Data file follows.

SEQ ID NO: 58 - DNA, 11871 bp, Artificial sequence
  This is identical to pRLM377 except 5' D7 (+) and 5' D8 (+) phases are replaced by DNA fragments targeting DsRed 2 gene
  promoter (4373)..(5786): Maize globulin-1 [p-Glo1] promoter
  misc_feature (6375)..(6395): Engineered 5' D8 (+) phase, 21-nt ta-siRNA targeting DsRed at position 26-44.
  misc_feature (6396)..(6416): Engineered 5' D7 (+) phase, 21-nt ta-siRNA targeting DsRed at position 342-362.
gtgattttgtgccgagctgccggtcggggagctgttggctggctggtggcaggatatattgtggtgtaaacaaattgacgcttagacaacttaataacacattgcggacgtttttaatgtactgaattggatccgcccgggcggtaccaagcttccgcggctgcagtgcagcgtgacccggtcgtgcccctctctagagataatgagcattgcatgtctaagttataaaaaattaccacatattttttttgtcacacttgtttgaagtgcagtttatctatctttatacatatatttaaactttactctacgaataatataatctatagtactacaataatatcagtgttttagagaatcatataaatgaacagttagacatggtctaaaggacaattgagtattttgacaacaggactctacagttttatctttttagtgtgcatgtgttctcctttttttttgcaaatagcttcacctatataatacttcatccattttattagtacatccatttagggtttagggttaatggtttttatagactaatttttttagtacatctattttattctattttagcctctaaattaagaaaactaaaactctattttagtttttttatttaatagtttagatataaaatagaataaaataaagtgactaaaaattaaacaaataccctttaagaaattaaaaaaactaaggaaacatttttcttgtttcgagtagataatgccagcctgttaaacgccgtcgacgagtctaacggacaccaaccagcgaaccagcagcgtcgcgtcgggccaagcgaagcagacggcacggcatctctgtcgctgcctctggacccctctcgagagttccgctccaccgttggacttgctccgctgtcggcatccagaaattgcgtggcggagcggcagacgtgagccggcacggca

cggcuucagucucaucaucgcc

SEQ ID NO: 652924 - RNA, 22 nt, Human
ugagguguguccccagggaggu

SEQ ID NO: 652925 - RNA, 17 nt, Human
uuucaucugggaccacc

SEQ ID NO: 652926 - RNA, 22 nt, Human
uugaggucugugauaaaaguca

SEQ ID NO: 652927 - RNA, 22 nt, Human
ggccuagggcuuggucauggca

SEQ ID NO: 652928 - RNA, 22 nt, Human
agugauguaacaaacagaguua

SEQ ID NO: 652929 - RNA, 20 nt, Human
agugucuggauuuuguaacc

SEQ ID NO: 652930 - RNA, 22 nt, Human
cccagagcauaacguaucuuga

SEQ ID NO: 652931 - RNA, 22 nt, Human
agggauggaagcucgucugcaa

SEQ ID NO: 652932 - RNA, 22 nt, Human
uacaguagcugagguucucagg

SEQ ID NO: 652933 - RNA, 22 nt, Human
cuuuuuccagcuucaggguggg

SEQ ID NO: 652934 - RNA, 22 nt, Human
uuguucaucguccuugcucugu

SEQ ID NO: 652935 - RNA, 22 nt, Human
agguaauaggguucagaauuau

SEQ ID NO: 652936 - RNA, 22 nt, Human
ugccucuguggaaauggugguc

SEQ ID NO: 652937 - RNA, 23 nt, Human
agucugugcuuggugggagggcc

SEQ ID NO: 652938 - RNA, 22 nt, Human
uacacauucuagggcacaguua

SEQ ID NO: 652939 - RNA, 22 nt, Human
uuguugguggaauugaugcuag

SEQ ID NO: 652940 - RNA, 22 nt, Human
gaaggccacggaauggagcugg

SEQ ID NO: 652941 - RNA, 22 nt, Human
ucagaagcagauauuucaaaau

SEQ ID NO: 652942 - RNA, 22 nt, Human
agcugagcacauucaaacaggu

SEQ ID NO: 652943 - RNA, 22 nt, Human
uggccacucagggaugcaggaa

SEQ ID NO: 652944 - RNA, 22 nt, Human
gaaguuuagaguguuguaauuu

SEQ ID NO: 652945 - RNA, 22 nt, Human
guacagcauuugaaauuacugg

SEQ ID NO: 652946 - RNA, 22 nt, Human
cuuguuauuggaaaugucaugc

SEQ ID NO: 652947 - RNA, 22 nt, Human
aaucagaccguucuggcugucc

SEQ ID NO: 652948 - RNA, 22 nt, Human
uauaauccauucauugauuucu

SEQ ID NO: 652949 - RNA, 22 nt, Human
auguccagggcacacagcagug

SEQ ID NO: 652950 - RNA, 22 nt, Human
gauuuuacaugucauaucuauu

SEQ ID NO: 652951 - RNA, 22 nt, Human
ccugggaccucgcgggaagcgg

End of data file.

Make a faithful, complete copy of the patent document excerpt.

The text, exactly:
SEQ ID NO: 58 - DNA, 11871 bp, Artificial sequence
  This is identical to pRLM377 except 5' D7 (+) and 5' D8 (+) phases are replaced by DNA fragments targeting DsRed 2 gene
  promoter (4373)..(5786): Maize globulin-1 [p-Glo1] promoter
  misc_feature (6375)..(6395): Engineered 5' D8 (+) phase, 21-nt ta-siRNA targeting DsRed at position 26-44.
  misc_feature (6396)..(6416): Engineered 5' D7 (+) phase, 21-nt ta-siRNA targeting DsRed at position 342-362.
gtgattttgtgccgagctgccggtcggggagctgttggctggctggtggcaggatatattgtggtgtaaacaaattgacgcttagacaacttaataacacattgcggacgtttttaatgtactgaattggatccgcccgggcggtaccaagcttccgcggctgcagtgcagcgtgacccggtcgtgcccctctctagagataatgagcattgcatgtctaagttataaaaaattaccacatattttttttgtcacacttgtttgaagtgcagtttatctatctttatacatatatttaaactttactctacgaataatataatctatagtactacaataatatcagtgttttagagaatcatataaatgaacagttagacatggtctaaaggacaattgagtattttgacaacaggactctacagttttatctttttagtgtgcatgtgttctcctttttttttgcaaatagcttcacctatataatacttcatccattttattagtacatccatttagggtttagggttaatggtttttatagactaatttttttagtacatctattttattctattttagcctctaaattaagaaaactaaaactctattttagtttttttatttaatagtttagatataaaatagaataaaataaagtgactaaaaattaaacaaataccctttaagaaattaaaaaaactaaggaaacatttttcttgtttcgagtagataatgccagcctgttaaacgccgtcgacgagtctaacggacaccaaccagcgaaccagcagcgtcgcgtcgggccaagcgaagcagacggcacggcatctctgtcgctgcctctggacccctctcgagagttccgctccaccgttggacttgctccgctgtcggcatccagaaattgcgtggcggagcggcagacgtgagccggcacggca

cggcuucagucucaucaucgcc

SEQ ID NO: 652924 - RNA, 22 nt, Human
ugagguguguccccagggaggu

SEQ ID NO: 652925 - RNA, 17 nt, Human
uuucaucugggaccacc

SEQ ID NO: 652926 - RNA, 22 nt, Human
uugaggucugugauaaaaguca

SEQ ID NO: 652927 - RNA, 22 nt, Human
ggccuagggcuuggucauggca

SEQ ID NO: 652928 - RNA, 22 nt, Human
agugauguaacaaacagaguua

SEQ ID NO: 652929 - RNA, 20 nt, Human
agugucuggauuuuguaacc

SEQ ID NO: 652930 - RNA, 22 nt, Human
cccagagcauaacguaucuuga

SEQ ID NO: 652931 - RNA, 22 nt, Human
agggauggaagcucgucugcaa

SEQ ID NO: 652932 - RNA, 22 nt, Human
uacaguagcugagguucucagg

SEQ ID NO: 652933 - RNA, 22 nt, Human
cuuuuuccagcuucaggguggg

SEQ ID NO: 652934 - RNA, 22 nt, Human
uuguucaucguccuugcucugu

SEQ ID NO: 652935 - RNA, 22 nt, Human
agguaauaggguucagaauuau

SEQ ID NO: 652936 - RNA, 22 nt, Human
ugccucuguggaaauggugguc

SEQ ID NO: 652937 - RNA, 23 nt, Human
agucugugcuuggugggagggcc

SEQ ID NO: 652938 - RNA, 22 nt, Human
uacacauucuagggcacaguua

SEQ ID NO: 652939 - RNA, 22 nt, Human
uuguugguggaauugaugcuag

SEQ ID NO: 652940 - RNA, 22 nt, Human
gaaggccacggaauggagcugg

SEQ ID NO: 652941 - RNA, 22 nt, Human
ucagaagcagauauuucaaaau

SEQ ID NO: 652942 - RNA, 22 nt, Human
agcugagcacauucaaacaggu

SEQ ID NO: 652943 - RNA, 22 nt, Human
uggccacucagggaugcaggaa

SEQ ID NO: 652944 - RNA, 22 nt, Human
gaaguuuagaguguuguaauuu

SEQ ID NO: 652945 - RNA, 22 nt, Human
guacagcauuugaaauuacugg

SEQ ID NO: 652946 - RNA, 22 nt, Human
cuuguuauuggaaaugucaugc

SEQ ID NO: 652947 - RNA, 22 nt, Human
aaucagaccguucuggcugucc

SEQ ID NO: 652948 - RNA, 22 nt, Human
uauaauccauucauugauuucu

SEQ ID NO: 652949 - RNA, 22 nt, Human
auguccagggcacacagcagug

SEQ ID NO: 652950 - RNA, 22 nt, Human
gauuuuacaugucauaucuauu

SEQ ID NO: 652951 - RNA, 22 nt, Human
ccugggaccucgcgggaagcgg